The following periods represent a small sample of the statutory limitations periods in Michigan. Please note that it may be possible to bring multiple causes of action from a single incident of wrongful conduct, and thus even if it appears that the relevant statute of limitations has run it may remain possible to bring a different claim. Also, there may be an exception to the standard limitations period that applies to any given situation. The following list is provided by way of example and I don't know your particular situation.
Professional Malpractice: 2 years. Actions for medical malpractice must be filed within that two year period, or within six months of discovery to a maximum of six years following the date of the act or omission giving rise to the injury.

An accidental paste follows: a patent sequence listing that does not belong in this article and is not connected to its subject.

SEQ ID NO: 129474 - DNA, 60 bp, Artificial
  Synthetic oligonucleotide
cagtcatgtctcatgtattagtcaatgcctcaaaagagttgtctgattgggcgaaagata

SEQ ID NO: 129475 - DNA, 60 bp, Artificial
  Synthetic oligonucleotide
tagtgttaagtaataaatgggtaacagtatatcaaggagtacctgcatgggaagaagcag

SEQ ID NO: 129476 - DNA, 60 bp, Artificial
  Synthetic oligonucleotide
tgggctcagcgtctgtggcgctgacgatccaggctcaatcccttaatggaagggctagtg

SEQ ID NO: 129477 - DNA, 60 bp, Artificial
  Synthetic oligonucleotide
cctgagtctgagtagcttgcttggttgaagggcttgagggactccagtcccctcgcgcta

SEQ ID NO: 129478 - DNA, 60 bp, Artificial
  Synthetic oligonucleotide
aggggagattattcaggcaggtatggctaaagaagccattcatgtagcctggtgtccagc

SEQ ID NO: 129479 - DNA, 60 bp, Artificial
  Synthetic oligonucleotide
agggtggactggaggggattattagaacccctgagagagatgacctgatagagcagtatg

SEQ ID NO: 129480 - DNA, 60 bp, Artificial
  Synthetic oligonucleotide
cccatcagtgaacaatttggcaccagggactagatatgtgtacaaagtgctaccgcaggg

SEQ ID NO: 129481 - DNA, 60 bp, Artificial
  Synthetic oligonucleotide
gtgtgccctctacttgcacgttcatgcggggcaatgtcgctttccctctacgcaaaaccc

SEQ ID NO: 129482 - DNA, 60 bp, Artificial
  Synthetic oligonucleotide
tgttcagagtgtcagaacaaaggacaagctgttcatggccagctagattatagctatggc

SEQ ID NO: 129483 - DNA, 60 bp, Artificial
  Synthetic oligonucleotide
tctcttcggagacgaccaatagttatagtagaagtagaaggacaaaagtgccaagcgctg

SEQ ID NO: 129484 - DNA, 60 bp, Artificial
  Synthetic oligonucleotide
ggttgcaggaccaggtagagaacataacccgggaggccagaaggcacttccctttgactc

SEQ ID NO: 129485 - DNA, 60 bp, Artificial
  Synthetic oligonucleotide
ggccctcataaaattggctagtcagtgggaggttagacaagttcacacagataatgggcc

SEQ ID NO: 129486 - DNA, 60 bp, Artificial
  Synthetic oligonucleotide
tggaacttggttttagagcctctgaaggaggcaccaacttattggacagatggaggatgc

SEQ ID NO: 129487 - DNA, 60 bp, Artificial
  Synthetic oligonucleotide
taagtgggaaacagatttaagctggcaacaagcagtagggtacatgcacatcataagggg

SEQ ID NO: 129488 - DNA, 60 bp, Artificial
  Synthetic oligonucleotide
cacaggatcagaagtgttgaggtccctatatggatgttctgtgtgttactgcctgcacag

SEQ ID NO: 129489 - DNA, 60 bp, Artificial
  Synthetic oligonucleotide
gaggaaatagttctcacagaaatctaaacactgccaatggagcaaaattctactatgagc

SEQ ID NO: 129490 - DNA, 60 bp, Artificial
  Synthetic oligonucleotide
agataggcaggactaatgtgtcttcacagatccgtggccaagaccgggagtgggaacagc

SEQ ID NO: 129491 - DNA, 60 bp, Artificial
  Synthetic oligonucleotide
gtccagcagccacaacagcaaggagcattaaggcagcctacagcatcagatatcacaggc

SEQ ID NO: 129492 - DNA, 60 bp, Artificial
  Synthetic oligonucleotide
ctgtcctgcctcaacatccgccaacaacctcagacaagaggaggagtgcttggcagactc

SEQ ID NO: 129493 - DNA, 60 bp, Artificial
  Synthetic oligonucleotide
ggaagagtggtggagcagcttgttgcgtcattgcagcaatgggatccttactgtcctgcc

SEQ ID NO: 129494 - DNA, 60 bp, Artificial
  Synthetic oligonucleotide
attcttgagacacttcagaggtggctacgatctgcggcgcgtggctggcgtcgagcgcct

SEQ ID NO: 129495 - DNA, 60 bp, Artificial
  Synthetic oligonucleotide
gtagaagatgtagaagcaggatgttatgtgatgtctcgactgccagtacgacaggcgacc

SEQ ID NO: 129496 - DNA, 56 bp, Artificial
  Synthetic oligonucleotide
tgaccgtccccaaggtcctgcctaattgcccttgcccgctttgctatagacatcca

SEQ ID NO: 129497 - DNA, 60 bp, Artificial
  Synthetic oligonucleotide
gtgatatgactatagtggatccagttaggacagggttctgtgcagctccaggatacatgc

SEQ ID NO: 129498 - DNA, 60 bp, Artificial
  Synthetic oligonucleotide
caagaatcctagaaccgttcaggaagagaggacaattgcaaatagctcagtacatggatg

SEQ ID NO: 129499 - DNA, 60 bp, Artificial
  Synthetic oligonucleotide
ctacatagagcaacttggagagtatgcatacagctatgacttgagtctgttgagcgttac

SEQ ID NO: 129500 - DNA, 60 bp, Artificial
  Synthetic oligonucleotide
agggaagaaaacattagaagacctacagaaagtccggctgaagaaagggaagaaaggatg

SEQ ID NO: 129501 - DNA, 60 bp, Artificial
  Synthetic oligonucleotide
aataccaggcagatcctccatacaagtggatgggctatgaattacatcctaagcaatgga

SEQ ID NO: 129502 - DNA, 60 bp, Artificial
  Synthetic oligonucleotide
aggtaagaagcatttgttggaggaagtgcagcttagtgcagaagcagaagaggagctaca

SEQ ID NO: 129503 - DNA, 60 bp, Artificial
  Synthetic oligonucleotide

Personal Injury: 3 years for most torts based upon theories of negligence; 2 years for most intentional torts.
Fraud: 6 years.
Libel / Slander / Defamation: 1 year.
Injury to Personal Property: 3 years.
Product Liability: 3 years.
Contracts: 6 years.
Sometimes it is not reasonably possible for a person to discover the cause of an injury, or even to know that an injury has occurred, until considerably after the act which causes the injury. For example, an error in the drafting of a will might not be noticed until the will is being executed, decades after it was drafted, or a financial planner's embezzlement might not be noticed for years due to the issuance of false statements of account.
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